Carvana praises new Illinois law allowing home delivery of online purchases | Illinois

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(The Center Square) – As modern times increase the demand for online car sales and home delivery, Illinois lawmakers have changed the law to formally embrace the convenience of services like Carvana.

With the help of a coalition of Illinois customers, e-commerce platform Carvana spearheaded a campaign to update the state’s vehicle sales laws in relation to home delivery. The online automotive retailer announced the success of the campaign and the bill’s endorsement. 

“What this legislation does is it modernizes Illinois law regulating home delivery of cars so that it ensures consumers can continue to benefit from this really popular, convenient and efficient method of buying a car,” said Wilson Munsil, Carvana spokesman and senior corporate counsel, to The Center Square. “We think working families, those who are managing disabilities, people who live in communities without easy access to a car dealership, all of them will benefit from this new state law protecting home delivery.”

Earlier this year, Carvana admitted to violating Illinois law and agreed to follow new consumer protection restrictions. That agreement, announced in January, allowed Carvana to continue conducting business in Illinois and ended a legal dispute that began May 2022 when the Illinois Secretary of State suspended its business license.

The bill the company spearheaded in the spring legislative session was sponsored by state Sen. Patrick Joyce, D-Essex, and drew unanimous support from both the House and Senate before being signed by Gov. J.B. Pritzker.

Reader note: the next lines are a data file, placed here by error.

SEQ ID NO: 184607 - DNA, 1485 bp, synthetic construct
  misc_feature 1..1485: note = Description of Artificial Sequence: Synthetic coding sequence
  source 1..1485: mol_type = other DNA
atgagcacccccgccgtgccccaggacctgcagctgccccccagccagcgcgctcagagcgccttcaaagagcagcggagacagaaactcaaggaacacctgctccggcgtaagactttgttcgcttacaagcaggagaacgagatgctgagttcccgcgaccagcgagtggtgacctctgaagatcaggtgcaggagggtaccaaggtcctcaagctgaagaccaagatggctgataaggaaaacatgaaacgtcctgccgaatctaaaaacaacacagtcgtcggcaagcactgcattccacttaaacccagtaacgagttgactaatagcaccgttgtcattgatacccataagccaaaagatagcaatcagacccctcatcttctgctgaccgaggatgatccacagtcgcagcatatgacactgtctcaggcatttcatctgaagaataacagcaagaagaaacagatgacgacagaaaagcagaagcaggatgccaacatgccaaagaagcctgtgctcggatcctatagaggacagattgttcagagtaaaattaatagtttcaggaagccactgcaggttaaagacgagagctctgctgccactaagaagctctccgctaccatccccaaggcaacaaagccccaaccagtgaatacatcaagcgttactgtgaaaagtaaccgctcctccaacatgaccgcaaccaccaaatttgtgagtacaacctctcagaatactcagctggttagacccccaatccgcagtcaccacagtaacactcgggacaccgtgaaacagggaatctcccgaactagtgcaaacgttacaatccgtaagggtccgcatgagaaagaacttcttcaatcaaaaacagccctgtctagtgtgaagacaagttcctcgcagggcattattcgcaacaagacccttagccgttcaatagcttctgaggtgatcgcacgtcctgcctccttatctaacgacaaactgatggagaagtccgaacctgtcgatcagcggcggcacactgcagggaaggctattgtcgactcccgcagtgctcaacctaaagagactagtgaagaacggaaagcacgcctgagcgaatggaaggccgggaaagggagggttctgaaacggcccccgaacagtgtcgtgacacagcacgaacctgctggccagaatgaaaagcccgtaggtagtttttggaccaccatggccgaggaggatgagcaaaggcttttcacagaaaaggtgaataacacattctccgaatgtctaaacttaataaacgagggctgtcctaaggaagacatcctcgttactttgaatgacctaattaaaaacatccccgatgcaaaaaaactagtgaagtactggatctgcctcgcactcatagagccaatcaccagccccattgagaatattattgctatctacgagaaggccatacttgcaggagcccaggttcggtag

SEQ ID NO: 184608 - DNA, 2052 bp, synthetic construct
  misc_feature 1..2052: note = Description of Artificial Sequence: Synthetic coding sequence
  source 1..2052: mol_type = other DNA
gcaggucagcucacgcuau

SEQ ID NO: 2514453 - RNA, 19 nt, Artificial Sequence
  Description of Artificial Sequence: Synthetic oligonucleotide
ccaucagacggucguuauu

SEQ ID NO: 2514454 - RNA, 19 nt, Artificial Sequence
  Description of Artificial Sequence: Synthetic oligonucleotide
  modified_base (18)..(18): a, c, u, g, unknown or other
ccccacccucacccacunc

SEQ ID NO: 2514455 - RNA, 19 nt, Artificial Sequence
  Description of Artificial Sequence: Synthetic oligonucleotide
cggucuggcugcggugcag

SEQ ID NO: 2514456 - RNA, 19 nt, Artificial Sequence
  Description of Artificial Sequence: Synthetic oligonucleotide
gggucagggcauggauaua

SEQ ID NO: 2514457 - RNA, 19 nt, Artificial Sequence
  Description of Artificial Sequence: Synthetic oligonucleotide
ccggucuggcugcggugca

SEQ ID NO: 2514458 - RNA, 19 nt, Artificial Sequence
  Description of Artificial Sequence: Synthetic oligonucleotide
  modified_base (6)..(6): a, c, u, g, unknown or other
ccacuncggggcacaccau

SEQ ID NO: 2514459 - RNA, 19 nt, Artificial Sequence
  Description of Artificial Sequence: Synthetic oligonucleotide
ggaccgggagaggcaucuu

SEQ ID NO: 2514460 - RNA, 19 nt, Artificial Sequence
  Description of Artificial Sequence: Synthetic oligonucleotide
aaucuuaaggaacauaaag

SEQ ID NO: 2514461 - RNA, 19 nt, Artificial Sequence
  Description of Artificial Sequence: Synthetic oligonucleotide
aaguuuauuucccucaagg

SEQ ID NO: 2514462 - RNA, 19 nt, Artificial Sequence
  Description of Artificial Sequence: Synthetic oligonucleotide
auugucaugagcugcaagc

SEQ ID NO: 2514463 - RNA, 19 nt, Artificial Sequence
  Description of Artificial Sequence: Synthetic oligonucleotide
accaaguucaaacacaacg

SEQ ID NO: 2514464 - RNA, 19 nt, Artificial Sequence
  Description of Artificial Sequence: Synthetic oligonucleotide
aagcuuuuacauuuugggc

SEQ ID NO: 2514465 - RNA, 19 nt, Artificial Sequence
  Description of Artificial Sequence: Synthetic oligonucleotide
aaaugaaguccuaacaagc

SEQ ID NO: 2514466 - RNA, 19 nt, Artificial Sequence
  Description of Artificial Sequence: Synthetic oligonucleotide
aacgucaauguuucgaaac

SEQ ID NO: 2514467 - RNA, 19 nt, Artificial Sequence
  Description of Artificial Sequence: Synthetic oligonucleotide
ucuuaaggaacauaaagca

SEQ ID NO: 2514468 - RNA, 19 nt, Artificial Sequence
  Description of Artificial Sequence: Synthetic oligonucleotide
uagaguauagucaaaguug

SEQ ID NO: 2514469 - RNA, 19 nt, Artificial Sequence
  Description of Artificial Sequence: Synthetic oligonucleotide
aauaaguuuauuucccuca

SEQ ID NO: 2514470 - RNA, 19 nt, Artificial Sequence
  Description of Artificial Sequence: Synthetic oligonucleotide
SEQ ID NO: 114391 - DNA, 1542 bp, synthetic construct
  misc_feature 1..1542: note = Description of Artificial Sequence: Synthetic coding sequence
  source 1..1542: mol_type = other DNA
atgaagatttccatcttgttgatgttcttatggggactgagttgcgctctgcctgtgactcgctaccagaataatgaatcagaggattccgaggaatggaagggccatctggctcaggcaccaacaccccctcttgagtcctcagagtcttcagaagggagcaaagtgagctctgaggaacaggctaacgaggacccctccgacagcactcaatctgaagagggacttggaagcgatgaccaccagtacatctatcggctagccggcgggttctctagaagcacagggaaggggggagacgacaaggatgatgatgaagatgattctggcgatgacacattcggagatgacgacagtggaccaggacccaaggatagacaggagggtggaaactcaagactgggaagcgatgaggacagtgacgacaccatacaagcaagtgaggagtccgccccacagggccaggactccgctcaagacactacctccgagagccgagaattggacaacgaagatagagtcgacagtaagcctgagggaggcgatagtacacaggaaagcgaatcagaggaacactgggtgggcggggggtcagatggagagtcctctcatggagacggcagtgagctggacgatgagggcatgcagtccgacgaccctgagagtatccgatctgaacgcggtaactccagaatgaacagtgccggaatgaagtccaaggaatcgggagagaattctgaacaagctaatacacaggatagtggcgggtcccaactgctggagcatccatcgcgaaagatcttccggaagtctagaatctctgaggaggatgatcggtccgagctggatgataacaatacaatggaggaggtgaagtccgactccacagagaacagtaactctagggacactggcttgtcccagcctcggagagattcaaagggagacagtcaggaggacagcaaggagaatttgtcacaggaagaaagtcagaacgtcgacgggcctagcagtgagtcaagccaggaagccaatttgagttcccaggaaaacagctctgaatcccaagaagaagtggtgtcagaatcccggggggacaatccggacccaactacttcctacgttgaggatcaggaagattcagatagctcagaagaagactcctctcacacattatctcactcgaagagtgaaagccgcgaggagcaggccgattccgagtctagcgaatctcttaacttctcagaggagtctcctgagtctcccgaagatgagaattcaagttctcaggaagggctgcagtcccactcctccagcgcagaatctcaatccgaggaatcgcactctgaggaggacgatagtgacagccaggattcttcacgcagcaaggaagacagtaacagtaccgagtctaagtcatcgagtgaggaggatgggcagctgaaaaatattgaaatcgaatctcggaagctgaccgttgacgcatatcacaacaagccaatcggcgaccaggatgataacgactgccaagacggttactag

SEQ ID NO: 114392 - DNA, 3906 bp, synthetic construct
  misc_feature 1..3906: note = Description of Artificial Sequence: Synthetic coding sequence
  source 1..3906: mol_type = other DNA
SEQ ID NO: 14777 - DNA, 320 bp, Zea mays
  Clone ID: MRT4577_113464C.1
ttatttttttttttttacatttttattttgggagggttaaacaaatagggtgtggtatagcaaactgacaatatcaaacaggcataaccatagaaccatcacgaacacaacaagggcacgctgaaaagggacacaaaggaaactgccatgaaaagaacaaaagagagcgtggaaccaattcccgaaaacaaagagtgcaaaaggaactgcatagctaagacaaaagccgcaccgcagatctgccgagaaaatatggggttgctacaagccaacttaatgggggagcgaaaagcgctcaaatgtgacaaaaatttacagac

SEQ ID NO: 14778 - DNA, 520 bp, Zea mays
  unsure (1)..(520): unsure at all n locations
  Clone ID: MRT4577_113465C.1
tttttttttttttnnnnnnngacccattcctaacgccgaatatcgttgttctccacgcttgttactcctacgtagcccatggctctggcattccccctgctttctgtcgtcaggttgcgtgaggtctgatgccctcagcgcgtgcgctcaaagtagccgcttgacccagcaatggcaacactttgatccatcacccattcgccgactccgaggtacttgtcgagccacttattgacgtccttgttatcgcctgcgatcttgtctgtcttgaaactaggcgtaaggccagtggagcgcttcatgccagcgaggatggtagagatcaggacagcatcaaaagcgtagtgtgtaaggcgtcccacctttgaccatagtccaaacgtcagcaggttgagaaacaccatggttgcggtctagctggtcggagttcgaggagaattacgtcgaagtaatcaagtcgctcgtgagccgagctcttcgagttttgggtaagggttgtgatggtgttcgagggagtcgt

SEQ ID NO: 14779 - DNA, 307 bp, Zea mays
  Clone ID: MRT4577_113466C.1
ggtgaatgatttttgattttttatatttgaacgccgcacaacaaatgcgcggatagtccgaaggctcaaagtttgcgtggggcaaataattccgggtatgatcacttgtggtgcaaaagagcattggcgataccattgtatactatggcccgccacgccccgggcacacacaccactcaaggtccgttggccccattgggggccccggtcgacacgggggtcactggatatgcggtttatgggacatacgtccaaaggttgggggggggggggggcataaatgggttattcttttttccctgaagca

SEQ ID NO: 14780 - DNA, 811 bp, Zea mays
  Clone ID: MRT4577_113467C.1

More than 15,000 Illinois residents joined a campaign to change the law in clear support of car deliveries. Carvana launched the campaign through DeliverMyCarHome.com. The goal was to make it easy for consumers to be heard.

“We were first of all thrilled with the groundswell of support from Illinois consumers, everything from writing letters to their lawmakers, signing a petition to support home delivery to appearing in videos we produced telling their own home delivery stories,” Munsil said. 

He explained that the state’s more than 50-year-old vehicle sales laws did not formally address home delivery of cars. By modernizing the law, the convenience of home delivery will be protected.

“We think this legislation is a win-win-win for customers, the auto industry at large and the policymakers of Illinois,” Munsil said.

Besides helping Carvana, the bill also benefits other car dealerships and their customers. 

Carvana, an e-commerce outlet for auto sales and purchases, has been serving Illinois since 2014, a company news release said. More than 95,000 residents have taken advantage of this route to car sales and purchases.



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Caleb Alexander

Caleb Alexander

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